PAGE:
Everything Is Connected: Green Institute Conference
Building A Green Politics For The Next 25 Years
Old Parliament House, Canberra, Friday and Saturday, October 27-28, 2017
2017 marks 25 years since the federation of the Australian Greens – a quarter century in which the party has gone from being a fringe movement to an established political force making substantial impacts on the course of Australian history, improving people’s lives, and protecting the planet.
2017 also marks an extraordinary moment in history, as the political certainties, realities and possibilities which the party and the great majority of its members and supporters grew up in begin to melt into air.
The arrival of the climate crisis, sharply deepening inequality, the rise of the extreme right, and massively accelerating technological development make the next 25 years among the most pivotal in human history to date. If we don’t change direction dramatically, we face a future that is nasty, brutish and short. We have a very short window to turn this around and create a society that can not only survive but thrive.
It is clear that the Greens are the only party facing up to this challenge but also, like the broad global left, currently starkly unable to present and articulate a politics which is both popular and sufficiently radical to rise to the challenge.
Everything is Connected will bring together invited keynote speakers, academics, artists, as well as activists, members, supporters, and interested parties to discuss these vital questions, particular through the theme of connection – to each other, to politics, and to nature.
The key theme of the conference – connection to each other, to politics, and to nature – is informed and driven by what we believe to be the unique insight of Green politics, the idea that sets our politics apart from all others: ecology. Ecology teaches us that everything is connected, and that everything and everyone is better when we have connected diversity.
The program is now available here.
A small number of bursaries will be available, to cover the cost of tickets and travel for young people, First Nations people, and people travelling from remote areas. Please email firstname.lastname@example.org to inquire about these bursaries.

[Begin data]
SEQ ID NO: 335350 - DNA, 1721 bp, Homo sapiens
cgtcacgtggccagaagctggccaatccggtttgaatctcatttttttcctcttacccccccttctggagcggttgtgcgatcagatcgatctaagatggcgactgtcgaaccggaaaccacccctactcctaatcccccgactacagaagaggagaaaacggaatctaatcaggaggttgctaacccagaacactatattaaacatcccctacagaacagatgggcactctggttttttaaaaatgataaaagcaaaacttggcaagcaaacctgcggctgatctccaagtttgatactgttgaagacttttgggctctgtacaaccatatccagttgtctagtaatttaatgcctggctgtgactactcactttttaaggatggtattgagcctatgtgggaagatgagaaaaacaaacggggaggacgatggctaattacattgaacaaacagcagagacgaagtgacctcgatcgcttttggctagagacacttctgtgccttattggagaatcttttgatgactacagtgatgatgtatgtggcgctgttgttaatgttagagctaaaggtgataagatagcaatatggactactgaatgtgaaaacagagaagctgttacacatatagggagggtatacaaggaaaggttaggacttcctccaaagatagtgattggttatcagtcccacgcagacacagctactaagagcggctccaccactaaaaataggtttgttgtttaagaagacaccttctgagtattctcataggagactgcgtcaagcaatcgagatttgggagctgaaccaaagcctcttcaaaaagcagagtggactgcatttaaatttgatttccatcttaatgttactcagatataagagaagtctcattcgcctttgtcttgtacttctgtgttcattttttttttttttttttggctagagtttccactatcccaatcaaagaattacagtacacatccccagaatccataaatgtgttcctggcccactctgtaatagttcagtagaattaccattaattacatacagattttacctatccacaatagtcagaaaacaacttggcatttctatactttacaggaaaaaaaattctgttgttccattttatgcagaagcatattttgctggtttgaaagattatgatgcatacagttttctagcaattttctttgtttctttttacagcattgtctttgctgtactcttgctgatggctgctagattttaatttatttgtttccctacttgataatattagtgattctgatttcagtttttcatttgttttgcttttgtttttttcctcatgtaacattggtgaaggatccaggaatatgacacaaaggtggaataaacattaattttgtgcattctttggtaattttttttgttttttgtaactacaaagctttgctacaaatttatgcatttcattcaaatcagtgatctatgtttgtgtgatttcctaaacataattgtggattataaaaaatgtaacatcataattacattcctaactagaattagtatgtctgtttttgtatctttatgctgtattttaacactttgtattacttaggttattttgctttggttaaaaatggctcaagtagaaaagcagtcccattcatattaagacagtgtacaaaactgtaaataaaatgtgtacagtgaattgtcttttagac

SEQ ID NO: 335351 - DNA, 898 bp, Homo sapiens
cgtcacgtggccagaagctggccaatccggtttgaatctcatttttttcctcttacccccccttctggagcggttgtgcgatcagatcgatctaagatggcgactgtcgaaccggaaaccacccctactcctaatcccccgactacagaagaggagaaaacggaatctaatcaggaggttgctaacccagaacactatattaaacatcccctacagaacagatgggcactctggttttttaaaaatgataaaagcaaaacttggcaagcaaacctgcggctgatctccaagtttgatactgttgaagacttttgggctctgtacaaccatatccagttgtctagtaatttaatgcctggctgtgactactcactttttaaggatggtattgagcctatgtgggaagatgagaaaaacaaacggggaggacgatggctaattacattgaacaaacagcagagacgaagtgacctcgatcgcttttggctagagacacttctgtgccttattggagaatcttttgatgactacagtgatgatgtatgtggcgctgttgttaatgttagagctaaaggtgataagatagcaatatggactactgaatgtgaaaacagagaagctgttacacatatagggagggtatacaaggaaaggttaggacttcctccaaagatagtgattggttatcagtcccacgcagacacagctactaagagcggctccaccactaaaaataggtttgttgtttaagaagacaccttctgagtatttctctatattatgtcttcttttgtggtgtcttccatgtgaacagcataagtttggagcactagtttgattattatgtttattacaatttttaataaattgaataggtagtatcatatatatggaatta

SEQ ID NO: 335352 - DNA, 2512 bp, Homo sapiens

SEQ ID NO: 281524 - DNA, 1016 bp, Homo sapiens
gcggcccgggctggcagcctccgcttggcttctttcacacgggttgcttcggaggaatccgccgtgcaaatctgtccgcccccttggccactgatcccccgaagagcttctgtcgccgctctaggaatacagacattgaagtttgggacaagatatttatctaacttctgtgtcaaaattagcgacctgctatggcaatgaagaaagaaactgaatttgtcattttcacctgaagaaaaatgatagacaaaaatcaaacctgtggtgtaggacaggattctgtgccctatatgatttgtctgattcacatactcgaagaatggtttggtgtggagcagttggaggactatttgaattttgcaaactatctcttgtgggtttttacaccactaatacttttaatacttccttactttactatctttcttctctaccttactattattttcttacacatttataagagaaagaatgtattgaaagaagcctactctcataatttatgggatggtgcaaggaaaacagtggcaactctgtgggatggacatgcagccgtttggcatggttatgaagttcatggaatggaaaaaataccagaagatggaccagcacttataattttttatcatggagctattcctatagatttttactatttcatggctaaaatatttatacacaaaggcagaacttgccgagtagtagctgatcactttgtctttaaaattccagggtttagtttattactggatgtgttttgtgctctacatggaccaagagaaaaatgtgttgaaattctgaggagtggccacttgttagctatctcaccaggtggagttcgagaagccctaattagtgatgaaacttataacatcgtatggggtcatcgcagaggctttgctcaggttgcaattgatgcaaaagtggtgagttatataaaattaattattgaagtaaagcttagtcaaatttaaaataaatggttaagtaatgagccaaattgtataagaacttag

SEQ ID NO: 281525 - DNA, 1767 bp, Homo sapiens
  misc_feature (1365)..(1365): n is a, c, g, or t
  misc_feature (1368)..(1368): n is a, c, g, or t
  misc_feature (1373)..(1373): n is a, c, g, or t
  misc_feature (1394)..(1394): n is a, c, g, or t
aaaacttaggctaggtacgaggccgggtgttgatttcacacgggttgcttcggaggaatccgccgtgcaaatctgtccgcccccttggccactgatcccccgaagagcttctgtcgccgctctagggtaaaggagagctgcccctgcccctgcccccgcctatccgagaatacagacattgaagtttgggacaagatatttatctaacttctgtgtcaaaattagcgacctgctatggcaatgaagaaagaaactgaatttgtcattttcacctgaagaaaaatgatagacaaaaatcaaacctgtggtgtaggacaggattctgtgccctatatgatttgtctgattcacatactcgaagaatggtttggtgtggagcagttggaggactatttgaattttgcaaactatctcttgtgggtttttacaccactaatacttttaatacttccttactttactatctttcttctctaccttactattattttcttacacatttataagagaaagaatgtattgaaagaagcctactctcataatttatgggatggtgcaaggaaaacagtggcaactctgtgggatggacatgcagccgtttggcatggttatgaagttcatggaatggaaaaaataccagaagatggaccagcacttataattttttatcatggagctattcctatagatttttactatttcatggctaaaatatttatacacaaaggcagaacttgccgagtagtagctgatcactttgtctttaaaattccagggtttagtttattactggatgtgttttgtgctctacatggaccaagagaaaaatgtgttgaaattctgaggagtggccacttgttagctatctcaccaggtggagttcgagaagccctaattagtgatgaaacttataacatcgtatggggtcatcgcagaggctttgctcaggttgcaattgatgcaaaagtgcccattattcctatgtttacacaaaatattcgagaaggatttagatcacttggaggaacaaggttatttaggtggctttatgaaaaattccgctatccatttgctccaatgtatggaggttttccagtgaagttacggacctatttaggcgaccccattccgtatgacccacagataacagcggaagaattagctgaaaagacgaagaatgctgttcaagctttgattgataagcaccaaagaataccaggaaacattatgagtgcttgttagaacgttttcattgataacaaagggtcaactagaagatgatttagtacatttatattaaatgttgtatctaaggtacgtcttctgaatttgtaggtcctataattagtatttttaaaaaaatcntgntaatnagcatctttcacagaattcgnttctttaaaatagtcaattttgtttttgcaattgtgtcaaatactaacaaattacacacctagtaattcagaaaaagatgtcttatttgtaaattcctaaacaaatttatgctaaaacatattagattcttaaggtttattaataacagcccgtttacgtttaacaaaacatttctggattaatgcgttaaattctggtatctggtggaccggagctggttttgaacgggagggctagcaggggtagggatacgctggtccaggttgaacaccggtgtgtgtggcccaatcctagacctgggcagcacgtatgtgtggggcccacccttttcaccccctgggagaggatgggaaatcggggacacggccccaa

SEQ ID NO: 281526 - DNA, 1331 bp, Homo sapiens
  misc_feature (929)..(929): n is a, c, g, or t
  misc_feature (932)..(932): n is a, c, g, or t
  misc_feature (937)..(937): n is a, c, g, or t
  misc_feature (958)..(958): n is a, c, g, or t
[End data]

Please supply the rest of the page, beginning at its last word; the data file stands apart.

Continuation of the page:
The ticket includes full access to the 2 day conference, October 27-28, 9am to 5pm, as well as access to the Friday night event, details of which are TBC.
We are delighted to have confirmed keynote addresses from:
- Dr Mary Graham – on Indigenous world views
- Prof Brendan Mackey – on ecology and the web of life
- Kate Raworth, author of Doughnut Economics, via video link
- Dr Stephen Healy, co-author of Take Back the Economy: An Ethical Guide for Transforming our Communities
Additional speakers (in no particular order) include:
Ellen Broad, Felicity Ruby, Georgia Miller, Penny Kyburz, Margaret Blakers, Dr Nicole Rogers, Jana Norman, Tammy Milne, Mike Dowson, Joan Staples, Sue Lewis, Tim Lo Surdo, Lidia Thorpe, Dr Rachael Jacobs, Rosanne Bersten, Anna Schlunke, John Hawkins, Ursula Rakova, Clare Ozich, Simon Copland, Stephen Healy, Philip Sutton, Bryony Edwards, Jim Buckell, Kathleen Maltzahn, Janet Rice, Giz Watson, Deb Foskey, Lisa Arnaud, Dr Rod Lamberts, Dr Benedetta Brevini, Julie Macken, Mark Chenery, Dr Sue Wareham, Felicity Gray, Joshua Wyndham-Kidd, Dr Adam Broinowski, Hui Zhou, Mukhtar Mohammed, Kathleen Maltzahn, Eva Cox, Dr Ben Spies-Butcher, Dr Elise Klein, Chris Twomey, Dr Jason Byrne, Professor Marcus Foth, Nilmini de Silva, Steven Liaros, Maiy Azize and Holly Hammond.
We have put together a selection of accommodation options, from YHA to fancy hotel to billeting. You can find a few options here.
Call for papers
The call for papers is now closed.